José María Caro Rodríguez

From Wikipedia, the free encyclopedia
Jump to: navigation, search
This name uses Spanish naming customs; the first or paternal family name is Caro and the second or maternal family name is Rodríguez.
His Eminence
José Maria Caro
Cardinal Archbishop of Santiago
José María Caro.jpg
Church Roman Catholic Church
See Pichilemu
In office 1881 — 1958
Predecessor Jose Campillo Infante
Successor Raúl Silva Henríquez
Orders
Ordination 20 December 1890
Consecration 28 Apr 1912
by Enrico Sibilia
Created Cardinal 18 February 1946
Rank Cardinal-Priest
Personal details
Born (1866-06-23)June 23, 1866
Pichilemu
Died December 4, 1958(1958-12-04) (aged 92)
Santiago, Chile
Nationality Chilean
Previous post Vicar Apostolic of Tarapacá (1911-1925)
Bishop of La Serena (1925-1939)
Archbishop of La Serena (1939)

José María Caro Rodríguez (Pichilemu, June 23, 1866 – December 4, 1958) was a Chilean Cardinal of the Roman Catholic Church. He served as Archbishop of Santiago from 1939 until his death, and was elevated to the cardinalate in 1946 by Pope Pius XII.

Biography[edit]

Early life and ordination[edit]

José María Caro was born in San Antonio de Petrel, Pichilemu, as the fourth of the nine children of José María Caro Martínez, former Mayor of Pichilemu, and his wife Rita Rodríguez Cornejo. After attending a local school, he entered the seminary in Santiago in 1881. Caro then went to Rome in 1887, studying at the Pontifical Collegio Pio-Latinoamericano and the Pontifical Gregorian University until 1891. Ordained to the priesthood on December 20, 1890, he returned to Chile in October 1891 and then taught preparatory studies and philosophy at the Santiago seminary.

Pastoral work[edit]

Caro carried out his pastoral ministry in several chaplaincies, hospitals and parishes, also serving as pastor of Mamiña from March to December 1899. He returned to the seminary in 1900 as Professor of Theology.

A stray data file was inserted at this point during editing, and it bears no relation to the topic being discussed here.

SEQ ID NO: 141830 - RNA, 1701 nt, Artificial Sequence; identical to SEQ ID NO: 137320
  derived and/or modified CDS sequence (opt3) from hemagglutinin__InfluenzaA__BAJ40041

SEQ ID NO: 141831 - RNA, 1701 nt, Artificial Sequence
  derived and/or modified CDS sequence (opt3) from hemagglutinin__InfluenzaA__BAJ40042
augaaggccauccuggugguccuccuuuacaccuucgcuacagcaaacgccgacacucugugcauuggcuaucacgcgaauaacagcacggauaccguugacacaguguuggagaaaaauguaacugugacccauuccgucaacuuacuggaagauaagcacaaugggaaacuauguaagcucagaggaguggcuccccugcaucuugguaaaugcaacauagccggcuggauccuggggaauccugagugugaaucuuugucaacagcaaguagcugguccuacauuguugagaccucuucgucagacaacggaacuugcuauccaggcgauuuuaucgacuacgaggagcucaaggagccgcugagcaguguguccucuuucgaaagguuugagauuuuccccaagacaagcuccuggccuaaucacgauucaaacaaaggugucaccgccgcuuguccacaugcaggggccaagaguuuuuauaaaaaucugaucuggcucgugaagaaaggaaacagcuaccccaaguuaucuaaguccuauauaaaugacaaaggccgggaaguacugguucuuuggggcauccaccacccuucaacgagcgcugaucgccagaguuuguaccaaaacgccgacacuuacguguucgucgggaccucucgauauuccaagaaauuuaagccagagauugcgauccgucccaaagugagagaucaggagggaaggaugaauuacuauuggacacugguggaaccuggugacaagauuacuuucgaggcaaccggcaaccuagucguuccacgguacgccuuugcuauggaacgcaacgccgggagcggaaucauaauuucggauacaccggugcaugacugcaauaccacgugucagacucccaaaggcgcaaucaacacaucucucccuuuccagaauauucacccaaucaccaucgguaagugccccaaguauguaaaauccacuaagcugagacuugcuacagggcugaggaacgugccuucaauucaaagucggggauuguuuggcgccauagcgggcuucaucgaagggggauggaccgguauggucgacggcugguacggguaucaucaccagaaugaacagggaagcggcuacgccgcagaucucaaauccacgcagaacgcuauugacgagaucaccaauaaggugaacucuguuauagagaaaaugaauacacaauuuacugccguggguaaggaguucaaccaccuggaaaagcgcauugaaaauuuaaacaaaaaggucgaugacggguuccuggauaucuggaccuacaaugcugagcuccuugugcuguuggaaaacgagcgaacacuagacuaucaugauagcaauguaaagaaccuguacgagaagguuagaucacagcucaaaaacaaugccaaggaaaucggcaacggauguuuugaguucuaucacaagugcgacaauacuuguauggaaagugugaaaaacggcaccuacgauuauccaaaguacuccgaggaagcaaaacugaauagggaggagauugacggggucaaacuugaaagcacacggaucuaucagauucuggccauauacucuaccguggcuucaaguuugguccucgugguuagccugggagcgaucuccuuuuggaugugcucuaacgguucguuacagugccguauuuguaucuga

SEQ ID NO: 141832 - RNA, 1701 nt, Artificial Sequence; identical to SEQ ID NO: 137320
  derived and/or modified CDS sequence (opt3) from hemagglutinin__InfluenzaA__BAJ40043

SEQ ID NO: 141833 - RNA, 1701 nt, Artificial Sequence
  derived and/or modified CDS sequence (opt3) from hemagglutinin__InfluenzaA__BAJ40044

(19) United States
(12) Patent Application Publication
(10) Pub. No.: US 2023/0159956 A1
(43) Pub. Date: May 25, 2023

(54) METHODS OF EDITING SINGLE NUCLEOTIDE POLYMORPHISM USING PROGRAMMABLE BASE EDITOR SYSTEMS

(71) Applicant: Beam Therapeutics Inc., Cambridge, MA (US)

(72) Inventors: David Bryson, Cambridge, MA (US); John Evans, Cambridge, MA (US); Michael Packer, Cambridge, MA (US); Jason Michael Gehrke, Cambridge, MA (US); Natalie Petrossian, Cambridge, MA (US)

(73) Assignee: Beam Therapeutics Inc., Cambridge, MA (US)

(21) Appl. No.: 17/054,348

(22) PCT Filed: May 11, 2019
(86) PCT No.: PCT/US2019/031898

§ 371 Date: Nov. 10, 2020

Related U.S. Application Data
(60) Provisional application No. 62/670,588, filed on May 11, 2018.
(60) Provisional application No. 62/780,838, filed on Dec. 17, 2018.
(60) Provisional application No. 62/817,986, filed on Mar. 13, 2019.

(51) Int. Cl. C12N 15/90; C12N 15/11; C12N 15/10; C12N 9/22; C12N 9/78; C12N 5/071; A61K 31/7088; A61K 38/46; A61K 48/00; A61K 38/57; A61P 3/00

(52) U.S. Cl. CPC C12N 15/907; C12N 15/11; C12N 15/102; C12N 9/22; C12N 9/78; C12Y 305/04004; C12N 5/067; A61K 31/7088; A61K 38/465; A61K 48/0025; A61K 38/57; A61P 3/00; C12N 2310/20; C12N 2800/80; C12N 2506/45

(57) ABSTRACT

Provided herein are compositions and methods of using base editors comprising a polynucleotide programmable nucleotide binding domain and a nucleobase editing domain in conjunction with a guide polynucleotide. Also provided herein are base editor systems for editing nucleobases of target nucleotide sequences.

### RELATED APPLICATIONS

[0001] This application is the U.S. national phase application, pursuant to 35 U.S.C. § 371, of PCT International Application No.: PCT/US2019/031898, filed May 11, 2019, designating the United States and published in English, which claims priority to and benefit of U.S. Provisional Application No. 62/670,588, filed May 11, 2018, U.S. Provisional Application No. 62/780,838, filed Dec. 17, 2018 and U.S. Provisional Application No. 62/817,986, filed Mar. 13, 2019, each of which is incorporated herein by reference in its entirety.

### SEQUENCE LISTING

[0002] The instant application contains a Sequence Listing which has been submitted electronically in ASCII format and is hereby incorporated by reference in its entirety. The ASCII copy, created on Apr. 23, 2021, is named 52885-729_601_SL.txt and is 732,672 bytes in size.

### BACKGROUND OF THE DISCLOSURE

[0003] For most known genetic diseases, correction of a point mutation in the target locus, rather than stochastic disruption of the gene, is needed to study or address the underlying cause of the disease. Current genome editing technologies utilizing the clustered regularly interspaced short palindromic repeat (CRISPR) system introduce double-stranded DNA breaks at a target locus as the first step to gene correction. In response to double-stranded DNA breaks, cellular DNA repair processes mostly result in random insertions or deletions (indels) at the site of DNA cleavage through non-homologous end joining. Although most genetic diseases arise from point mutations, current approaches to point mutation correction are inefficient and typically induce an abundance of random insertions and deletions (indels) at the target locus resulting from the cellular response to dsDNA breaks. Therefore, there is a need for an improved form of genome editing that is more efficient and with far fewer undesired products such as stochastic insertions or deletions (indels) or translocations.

Bishop[edit]

Appointed Apostolic Vicar of Tarapacá on May 6, 1911, Caro was made Titular Bishop of Mylasa in association with the vicariate on January 5, 1912. He received his episcopal consecration on the following April 28 from Archbishop Enrico Sibilia, with Bishops Luis Izquierdo Vargas and Miguel Claro Vásquez serving as co-consecrators, in the metropolitan cathedral of Santiago.

Caro was later named Bishop of La Serena on December 14, 1925, and was advanced to the rank of Archbishop upon his diocese's elevation on May 20, 1939. On August 28 of that same year, Pope Pius XII made him Archbishop of Santiago and thus Primate of the Church in Chile.

As a bishop, Caro was strongly opposed to the influence of Freemasonry in modern society and wrote several anti-Masonic pamphlets. One of the best known being The Mystery of Freemasonry Unveiled. [1]

José María Caro's Grave in Santiago Cathedral

Cardinal[edit]

He was created Cardinal Priest of S. Maria della Scala by Pius XII in the consistory of February 18, 1946. Caro, the first Chilean member of the College of Cardinals, served as papal legate to the Chilean Plenary Council on September 8, 1946, tenth National Eucharistic Congress on September 26, 1951, and later to the sixth Interamerican Congress of Catholic Education on August 30, 1956. Before participating in the 1958 papal conclave, Caro attended the first general conference of the Latin American Episcopal Conference in Rio de Janeiro, Brazil, in 1955.

Death[edit]

Caro died in Santiago, at age 92, as the eldest member of the College of Cardinals. He was initially buried in the archiepiscopal crypt of the Santiago Cathedral, but his remains were later moved to a funeral chapel at the back of the cathedral's central nave on March 19, 1968.

References[edit]

  1. ^ Mystery of Freemasonry unveiled

External links[edit]

Catholic Church titles
Preceded by
Martín Rucker Sotomayor
Apostolic Vicar of Tarapacá
1911–1925
Succeeded by
Carlos Labbé Márquez
Preceded by
Carlos Silva Cotapos
Archbishop of La Serena
1925–1939
Succeeded by
Juan Subercaseaux Errázuriz
Preceded by
José Campillo Infante
Archbishop of Santiago de Chile
1939–1958
Succeeded by
Raúl Silva Henríquez
Honorary titles
Preceded by
Alessandro Verde
Oldest Living Cardinal
March 29, 1958 – December 4, 1958
Succeeded by
Georges-François-Xavier-Marie Grente